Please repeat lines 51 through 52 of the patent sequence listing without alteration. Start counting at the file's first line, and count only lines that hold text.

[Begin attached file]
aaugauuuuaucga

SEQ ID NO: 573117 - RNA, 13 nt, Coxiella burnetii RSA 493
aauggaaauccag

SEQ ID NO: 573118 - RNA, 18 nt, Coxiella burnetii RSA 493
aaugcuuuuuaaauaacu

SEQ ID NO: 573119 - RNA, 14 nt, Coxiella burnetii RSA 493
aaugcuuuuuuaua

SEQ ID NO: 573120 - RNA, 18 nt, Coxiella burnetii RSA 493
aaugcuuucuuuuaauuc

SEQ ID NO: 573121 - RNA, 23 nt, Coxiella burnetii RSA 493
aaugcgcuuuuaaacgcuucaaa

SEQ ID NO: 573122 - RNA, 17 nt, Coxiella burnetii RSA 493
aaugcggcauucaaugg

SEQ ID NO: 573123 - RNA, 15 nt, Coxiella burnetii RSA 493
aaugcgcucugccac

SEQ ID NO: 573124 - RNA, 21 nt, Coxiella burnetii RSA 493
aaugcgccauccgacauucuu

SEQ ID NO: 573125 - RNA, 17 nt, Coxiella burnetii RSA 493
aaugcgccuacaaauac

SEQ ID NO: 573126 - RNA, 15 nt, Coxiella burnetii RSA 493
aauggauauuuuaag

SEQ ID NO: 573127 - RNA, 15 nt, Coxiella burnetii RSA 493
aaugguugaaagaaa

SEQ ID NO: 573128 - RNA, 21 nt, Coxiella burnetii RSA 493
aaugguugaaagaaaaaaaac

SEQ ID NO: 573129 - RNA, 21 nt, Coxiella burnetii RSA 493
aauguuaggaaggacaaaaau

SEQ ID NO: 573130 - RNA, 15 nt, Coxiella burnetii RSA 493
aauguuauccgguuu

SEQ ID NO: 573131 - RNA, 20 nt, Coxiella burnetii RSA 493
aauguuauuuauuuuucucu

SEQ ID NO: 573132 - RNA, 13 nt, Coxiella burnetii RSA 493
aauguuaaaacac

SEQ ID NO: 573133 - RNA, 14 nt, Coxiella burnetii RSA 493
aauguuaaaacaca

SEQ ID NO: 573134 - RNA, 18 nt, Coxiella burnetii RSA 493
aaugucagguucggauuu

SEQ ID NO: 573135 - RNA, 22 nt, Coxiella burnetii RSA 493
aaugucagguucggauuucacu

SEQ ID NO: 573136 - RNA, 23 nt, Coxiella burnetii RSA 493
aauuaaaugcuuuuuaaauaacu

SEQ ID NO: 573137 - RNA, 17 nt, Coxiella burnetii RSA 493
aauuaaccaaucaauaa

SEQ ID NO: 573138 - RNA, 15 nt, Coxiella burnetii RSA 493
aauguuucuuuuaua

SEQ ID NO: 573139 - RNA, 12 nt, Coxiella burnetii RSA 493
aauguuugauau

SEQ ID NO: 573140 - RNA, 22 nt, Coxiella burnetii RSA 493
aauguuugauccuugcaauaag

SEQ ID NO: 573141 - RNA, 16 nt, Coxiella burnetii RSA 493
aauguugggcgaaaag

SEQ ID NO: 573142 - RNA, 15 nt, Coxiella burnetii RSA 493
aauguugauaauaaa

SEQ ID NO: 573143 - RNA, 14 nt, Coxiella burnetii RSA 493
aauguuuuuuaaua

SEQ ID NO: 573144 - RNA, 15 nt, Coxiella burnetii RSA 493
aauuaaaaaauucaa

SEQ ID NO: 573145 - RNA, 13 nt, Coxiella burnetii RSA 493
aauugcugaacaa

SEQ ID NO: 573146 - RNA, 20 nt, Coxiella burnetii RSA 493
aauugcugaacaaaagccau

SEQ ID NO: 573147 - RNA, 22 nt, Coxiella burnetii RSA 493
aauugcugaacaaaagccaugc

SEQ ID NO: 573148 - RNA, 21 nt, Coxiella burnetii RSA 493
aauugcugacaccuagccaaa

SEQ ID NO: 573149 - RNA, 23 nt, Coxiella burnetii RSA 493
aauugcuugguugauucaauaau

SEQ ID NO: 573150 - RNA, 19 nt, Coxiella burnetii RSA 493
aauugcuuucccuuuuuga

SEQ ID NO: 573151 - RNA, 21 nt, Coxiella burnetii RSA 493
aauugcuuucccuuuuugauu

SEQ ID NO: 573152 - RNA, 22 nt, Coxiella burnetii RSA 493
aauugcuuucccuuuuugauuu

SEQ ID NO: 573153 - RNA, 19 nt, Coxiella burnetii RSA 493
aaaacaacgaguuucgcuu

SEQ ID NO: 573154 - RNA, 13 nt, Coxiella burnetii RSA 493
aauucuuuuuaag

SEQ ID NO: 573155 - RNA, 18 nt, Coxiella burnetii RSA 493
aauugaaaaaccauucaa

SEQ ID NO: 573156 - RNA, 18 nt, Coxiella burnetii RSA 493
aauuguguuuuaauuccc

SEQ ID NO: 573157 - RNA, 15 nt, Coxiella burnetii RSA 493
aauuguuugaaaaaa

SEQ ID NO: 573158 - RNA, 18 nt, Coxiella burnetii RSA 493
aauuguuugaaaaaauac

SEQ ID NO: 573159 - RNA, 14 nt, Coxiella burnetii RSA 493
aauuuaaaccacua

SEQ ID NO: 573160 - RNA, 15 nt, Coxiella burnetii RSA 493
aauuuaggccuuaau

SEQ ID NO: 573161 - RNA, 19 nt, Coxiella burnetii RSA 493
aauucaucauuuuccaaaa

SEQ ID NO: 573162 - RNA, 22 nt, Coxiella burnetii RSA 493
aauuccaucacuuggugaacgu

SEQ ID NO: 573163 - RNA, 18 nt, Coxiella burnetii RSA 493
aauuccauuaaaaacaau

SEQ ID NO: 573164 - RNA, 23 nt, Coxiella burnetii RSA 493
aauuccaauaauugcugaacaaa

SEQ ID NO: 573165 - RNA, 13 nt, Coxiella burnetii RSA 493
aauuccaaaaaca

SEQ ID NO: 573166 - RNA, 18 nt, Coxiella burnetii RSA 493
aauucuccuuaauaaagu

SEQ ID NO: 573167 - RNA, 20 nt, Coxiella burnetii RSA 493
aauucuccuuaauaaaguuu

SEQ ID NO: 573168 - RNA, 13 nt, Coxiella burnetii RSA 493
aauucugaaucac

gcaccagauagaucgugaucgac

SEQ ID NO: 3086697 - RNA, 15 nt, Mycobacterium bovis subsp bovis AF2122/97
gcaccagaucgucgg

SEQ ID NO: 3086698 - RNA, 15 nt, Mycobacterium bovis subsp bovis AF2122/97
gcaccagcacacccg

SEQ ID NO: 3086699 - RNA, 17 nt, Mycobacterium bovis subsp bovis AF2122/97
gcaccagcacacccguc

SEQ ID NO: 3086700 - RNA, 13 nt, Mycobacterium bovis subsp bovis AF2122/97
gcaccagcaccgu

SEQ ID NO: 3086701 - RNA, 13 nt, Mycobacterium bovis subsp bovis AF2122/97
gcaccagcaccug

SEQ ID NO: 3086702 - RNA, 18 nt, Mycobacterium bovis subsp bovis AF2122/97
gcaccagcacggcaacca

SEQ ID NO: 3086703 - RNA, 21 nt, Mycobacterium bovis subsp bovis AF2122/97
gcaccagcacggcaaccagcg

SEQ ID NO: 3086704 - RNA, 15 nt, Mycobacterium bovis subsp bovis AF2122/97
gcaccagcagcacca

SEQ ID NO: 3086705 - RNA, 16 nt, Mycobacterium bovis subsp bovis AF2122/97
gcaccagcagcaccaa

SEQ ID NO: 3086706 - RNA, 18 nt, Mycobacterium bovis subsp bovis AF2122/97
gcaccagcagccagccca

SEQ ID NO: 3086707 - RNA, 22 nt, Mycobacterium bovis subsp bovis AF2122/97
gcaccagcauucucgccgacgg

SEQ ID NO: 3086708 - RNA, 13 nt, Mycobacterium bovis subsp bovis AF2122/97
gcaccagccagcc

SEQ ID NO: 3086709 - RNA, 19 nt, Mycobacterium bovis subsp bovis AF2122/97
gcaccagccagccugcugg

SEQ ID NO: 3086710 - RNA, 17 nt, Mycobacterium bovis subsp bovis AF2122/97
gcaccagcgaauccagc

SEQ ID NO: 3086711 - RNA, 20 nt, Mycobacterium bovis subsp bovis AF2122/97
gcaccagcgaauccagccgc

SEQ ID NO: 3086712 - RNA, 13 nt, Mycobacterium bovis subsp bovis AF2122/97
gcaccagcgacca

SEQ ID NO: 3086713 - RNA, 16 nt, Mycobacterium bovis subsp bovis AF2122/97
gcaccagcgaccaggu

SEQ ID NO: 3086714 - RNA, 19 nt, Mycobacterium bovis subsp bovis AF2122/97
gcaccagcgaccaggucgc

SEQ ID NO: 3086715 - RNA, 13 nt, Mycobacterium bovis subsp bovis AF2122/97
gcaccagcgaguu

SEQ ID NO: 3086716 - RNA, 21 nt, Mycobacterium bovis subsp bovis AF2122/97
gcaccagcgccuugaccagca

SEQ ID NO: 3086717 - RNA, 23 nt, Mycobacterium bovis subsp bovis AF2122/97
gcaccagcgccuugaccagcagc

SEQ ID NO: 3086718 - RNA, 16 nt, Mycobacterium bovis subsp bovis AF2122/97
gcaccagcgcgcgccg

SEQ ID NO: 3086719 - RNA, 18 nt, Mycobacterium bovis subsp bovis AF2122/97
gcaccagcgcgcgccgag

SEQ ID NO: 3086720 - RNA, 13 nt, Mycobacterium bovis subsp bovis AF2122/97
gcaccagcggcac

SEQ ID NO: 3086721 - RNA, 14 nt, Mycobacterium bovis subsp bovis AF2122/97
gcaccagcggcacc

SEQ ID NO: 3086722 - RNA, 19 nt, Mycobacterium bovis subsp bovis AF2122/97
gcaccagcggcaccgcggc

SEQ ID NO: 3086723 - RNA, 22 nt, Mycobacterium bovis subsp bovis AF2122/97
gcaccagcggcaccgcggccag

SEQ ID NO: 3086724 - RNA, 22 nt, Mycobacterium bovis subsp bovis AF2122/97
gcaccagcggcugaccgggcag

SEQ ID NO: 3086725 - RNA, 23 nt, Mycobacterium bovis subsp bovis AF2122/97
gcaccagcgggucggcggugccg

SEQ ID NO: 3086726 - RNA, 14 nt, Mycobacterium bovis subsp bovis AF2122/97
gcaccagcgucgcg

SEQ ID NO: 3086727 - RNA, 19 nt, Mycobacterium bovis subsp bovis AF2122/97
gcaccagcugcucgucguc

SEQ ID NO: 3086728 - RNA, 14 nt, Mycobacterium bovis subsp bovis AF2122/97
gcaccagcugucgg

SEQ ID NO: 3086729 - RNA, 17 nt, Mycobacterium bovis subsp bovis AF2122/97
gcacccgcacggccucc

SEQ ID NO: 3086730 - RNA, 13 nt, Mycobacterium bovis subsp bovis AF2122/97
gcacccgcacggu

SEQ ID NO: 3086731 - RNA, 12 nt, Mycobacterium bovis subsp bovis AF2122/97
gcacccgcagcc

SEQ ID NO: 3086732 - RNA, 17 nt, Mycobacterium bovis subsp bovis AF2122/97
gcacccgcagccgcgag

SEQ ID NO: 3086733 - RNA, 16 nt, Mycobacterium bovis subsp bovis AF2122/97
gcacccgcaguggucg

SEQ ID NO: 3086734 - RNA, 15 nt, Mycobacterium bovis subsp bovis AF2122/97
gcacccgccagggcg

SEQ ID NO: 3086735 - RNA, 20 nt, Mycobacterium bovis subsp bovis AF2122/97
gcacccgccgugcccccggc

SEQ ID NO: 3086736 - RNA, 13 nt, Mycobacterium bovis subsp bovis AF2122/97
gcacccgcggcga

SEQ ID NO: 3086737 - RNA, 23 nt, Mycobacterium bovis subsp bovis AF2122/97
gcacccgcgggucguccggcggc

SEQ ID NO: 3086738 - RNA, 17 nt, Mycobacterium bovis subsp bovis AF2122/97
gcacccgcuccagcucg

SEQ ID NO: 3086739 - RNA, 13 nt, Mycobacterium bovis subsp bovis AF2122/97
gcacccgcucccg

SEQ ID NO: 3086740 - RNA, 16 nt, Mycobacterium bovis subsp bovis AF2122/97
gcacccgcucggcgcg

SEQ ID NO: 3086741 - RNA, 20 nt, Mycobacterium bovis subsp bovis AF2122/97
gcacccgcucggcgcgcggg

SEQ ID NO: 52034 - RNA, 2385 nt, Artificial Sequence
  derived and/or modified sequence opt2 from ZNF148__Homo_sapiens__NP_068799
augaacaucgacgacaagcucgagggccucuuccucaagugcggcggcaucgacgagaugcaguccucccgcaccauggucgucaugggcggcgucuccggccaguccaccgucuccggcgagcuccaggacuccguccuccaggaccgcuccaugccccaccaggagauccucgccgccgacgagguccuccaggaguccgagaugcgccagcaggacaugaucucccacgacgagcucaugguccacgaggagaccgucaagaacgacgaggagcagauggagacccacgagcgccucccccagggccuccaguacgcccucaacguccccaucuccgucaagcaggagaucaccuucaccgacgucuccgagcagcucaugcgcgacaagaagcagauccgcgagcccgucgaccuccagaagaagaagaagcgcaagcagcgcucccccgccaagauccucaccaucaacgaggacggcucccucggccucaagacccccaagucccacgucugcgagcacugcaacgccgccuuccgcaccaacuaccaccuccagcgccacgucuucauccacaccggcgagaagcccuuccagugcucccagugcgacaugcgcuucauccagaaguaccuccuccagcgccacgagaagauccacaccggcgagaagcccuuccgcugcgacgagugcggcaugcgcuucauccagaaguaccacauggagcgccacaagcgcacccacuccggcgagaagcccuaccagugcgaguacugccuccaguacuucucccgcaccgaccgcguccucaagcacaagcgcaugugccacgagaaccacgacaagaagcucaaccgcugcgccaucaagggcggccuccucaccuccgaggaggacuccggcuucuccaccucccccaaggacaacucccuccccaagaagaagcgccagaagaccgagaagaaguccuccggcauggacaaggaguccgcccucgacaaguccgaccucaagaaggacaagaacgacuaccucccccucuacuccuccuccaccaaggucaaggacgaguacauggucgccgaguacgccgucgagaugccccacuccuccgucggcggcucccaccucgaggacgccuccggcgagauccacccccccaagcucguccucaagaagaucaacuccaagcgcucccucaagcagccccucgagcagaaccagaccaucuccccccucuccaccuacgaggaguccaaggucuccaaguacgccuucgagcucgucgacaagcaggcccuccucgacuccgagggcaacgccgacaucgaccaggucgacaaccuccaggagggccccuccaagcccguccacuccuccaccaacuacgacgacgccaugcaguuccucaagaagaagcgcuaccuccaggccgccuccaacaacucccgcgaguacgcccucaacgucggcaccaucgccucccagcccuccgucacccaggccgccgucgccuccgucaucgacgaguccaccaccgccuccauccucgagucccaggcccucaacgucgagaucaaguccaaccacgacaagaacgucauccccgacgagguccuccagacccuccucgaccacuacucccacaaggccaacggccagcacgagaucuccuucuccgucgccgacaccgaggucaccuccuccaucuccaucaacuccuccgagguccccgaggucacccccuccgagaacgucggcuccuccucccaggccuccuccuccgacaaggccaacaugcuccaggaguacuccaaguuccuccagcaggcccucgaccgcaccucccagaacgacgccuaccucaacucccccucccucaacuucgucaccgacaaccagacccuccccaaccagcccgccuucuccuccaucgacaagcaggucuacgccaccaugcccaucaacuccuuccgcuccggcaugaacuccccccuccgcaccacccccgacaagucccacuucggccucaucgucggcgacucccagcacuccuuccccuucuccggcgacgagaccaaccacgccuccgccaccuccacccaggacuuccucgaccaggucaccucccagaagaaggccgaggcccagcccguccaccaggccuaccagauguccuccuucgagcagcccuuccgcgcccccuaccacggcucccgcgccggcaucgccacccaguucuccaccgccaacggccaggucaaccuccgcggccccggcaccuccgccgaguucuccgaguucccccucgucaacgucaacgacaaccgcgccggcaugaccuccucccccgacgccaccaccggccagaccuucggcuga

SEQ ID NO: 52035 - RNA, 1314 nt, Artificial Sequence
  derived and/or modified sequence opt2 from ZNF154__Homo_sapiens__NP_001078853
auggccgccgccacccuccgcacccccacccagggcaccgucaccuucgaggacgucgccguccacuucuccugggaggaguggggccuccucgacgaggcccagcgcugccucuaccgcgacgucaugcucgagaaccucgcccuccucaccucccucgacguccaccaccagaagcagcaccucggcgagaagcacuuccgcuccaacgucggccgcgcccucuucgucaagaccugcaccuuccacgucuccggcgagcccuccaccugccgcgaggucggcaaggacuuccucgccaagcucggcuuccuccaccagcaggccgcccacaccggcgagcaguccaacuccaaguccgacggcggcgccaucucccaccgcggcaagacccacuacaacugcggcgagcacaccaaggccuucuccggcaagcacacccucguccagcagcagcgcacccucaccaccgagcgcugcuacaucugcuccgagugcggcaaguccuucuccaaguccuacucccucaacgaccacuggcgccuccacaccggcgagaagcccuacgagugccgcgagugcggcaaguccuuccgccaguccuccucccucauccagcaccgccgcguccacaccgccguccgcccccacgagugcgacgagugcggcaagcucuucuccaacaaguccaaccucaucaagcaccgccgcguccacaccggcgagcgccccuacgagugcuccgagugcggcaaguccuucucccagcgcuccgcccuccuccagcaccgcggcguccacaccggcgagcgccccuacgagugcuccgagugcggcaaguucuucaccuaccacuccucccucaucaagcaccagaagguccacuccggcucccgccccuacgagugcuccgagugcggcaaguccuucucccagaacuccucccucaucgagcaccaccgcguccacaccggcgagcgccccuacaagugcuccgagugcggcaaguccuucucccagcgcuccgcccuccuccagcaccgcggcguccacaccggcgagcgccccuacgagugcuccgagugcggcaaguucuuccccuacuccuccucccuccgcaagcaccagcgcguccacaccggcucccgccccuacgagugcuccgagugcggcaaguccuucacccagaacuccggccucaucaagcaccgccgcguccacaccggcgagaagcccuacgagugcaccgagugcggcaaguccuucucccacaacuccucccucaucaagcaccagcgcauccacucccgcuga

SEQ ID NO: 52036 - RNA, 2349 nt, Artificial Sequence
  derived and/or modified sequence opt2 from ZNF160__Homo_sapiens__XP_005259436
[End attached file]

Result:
aauguugggcgaaaag

SEQ ID NO: 573142 - RNA, 15 nt, Coxiella burnetii RSA 493